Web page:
Following suit with Washington State, the State of Utah passed legislation in 2018 creating the Licensed Paralegal Practitioner (LPP) position. The LPP enjoys limited authority to practice law in the areas dealing with family law and debt collection. Utah LPPs may represent the interest of clients not represented by lawyers through establishing contractual relationships, conducting interviews, informing, counseling and giving advice on how to complete forms and legal documents and who can advise on mediated negotiations and other practices.
The Legal Service Ownership Model
In addition to the push to reform and expand the scope of powers and responsibilities of Paralegals there are also efforts underway to allow non-lawyers to own law firms. This initiative is called Legal-Service Ownership. This ancillary or spin off interest would allow Paralegals and other non-lawyers the ability to become partners/owners of law firms and to have active voices in an industry completely dominated by licensed attorneys. In 2020, the Arizona Supreme Court delivered a decision which eliminated the ban on non-lawyers having economic interests in law firms and the prohibition on sharing legal fees among non-lawyers and lawyers.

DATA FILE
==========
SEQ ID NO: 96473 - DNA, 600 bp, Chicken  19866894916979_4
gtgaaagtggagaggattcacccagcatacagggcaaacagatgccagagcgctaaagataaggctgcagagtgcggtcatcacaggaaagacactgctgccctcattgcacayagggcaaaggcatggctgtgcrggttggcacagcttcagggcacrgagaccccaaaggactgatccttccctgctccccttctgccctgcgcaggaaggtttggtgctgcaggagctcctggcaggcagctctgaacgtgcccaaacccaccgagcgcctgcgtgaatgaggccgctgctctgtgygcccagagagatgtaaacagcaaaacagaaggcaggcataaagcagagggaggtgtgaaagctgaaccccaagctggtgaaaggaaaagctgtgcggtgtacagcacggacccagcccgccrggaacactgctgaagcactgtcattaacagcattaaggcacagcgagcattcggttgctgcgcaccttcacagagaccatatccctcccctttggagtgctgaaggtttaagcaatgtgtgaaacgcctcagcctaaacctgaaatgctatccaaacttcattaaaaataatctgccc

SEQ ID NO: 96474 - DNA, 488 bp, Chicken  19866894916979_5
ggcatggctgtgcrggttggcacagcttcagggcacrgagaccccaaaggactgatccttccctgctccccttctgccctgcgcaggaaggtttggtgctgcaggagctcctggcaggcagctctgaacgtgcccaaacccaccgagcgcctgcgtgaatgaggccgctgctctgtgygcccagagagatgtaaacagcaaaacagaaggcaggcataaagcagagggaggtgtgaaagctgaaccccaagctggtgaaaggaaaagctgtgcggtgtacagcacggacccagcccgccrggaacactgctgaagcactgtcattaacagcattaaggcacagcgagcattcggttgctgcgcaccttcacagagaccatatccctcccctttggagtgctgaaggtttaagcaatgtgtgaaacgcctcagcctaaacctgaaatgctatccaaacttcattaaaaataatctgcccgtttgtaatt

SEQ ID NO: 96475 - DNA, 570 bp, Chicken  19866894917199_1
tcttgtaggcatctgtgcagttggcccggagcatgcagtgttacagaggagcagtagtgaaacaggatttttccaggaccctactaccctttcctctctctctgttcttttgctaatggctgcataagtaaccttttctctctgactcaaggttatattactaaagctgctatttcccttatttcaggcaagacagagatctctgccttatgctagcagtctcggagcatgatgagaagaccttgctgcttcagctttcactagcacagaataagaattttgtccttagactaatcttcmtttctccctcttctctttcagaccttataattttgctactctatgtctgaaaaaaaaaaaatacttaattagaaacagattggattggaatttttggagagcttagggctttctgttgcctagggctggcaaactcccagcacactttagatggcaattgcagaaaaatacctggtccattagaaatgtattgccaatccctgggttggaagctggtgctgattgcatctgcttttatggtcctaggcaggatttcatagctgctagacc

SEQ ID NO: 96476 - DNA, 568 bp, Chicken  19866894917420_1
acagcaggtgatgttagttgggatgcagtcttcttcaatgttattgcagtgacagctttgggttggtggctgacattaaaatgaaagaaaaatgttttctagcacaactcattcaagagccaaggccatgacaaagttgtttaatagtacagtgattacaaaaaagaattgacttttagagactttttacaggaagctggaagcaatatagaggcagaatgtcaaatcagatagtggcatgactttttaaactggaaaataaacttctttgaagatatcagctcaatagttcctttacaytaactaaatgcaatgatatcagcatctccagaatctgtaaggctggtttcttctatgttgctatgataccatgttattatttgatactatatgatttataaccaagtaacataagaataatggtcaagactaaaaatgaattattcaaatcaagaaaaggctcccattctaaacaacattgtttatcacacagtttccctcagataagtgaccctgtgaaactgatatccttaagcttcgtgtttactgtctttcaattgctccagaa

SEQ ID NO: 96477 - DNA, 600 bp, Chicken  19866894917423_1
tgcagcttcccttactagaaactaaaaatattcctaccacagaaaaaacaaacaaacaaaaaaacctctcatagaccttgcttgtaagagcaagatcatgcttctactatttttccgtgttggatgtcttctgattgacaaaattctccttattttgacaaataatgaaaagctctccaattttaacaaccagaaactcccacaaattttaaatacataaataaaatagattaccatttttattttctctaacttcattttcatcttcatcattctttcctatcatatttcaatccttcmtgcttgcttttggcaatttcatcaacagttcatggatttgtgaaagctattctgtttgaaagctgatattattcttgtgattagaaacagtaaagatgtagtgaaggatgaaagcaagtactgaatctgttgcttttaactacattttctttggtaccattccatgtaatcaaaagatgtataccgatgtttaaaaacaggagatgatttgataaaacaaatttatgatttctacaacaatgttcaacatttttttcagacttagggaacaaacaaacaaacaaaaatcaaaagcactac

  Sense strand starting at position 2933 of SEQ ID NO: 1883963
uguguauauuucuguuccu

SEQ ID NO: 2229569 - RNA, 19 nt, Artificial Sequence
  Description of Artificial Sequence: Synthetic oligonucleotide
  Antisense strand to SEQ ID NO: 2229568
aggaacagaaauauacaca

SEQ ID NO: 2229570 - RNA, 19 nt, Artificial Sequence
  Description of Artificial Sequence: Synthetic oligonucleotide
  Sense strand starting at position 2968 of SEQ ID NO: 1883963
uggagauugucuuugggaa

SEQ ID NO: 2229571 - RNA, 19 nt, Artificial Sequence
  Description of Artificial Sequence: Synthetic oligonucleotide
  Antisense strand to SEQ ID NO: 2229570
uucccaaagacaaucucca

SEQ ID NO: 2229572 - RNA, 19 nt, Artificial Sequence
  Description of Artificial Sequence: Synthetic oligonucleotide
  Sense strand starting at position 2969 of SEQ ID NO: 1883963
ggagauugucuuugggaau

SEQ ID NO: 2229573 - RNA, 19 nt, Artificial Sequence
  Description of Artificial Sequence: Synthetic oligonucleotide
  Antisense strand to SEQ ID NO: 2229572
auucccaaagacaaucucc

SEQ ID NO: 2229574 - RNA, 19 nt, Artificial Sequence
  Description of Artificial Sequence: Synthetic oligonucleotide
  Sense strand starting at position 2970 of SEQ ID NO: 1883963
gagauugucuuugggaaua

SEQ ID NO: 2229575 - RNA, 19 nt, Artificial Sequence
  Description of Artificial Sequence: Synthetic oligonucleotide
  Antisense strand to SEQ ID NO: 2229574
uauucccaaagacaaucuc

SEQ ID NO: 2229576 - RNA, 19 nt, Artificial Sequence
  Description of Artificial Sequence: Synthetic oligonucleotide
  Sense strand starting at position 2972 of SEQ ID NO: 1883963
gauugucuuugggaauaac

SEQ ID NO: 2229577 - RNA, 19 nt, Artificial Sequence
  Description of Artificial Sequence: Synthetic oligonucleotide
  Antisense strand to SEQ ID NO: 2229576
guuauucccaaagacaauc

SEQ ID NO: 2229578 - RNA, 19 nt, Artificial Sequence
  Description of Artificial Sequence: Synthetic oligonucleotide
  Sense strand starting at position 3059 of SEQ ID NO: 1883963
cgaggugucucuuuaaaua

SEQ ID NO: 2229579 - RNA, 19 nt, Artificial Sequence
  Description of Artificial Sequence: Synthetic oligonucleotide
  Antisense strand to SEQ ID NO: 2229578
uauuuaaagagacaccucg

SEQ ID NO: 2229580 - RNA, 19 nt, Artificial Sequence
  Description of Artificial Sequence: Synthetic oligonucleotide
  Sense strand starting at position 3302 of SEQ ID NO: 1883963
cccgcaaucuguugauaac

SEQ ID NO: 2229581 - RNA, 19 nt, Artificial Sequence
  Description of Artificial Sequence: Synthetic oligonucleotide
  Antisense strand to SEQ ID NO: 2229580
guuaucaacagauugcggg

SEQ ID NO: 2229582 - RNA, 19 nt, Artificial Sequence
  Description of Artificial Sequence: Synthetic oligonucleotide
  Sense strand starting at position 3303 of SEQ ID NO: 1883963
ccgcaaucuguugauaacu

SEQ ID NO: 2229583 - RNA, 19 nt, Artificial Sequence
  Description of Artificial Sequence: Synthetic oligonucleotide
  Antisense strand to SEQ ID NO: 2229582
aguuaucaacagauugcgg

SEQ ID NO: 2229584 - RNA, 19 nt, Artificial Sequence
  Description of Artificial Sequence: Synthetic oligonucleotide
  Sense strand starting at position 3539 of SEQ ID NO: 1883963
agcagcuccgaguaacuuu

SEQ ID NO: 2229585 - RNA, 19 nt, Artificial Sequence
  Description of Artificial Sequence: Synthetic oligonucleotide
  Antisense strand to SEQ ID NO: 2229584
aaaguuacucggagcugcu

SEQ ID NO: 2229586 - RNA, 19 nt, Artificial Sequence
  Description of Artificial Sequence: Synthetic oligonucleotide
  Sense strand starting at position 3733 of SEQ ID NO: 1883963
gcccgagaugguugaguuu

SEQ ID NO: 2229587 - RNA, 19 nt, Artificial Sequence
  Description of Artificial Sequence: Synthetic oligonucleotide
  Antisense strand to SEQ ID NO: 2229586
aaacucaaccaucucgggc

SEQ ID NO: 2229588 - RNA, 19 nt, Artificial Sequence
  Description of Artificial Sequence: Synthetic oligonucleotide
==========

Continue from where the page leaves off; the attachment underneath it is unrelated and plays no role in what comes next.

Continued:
While Arizona is the first state to completely eliminate the ban on non-lawyers having an economic interest in law firms, it is not the first state to loosen the reins on non-lawyer law firm ownership. The State of Utah, for example, has proposed similar legislation which is picking up momentum within their House of Representatives with the intent to achieve similar results to the Arizona Supreme Court’s Order. Participating companies interested in non-lawyer law firm ownership say that it is inevitable that more states will be following similar paths once the way is clear.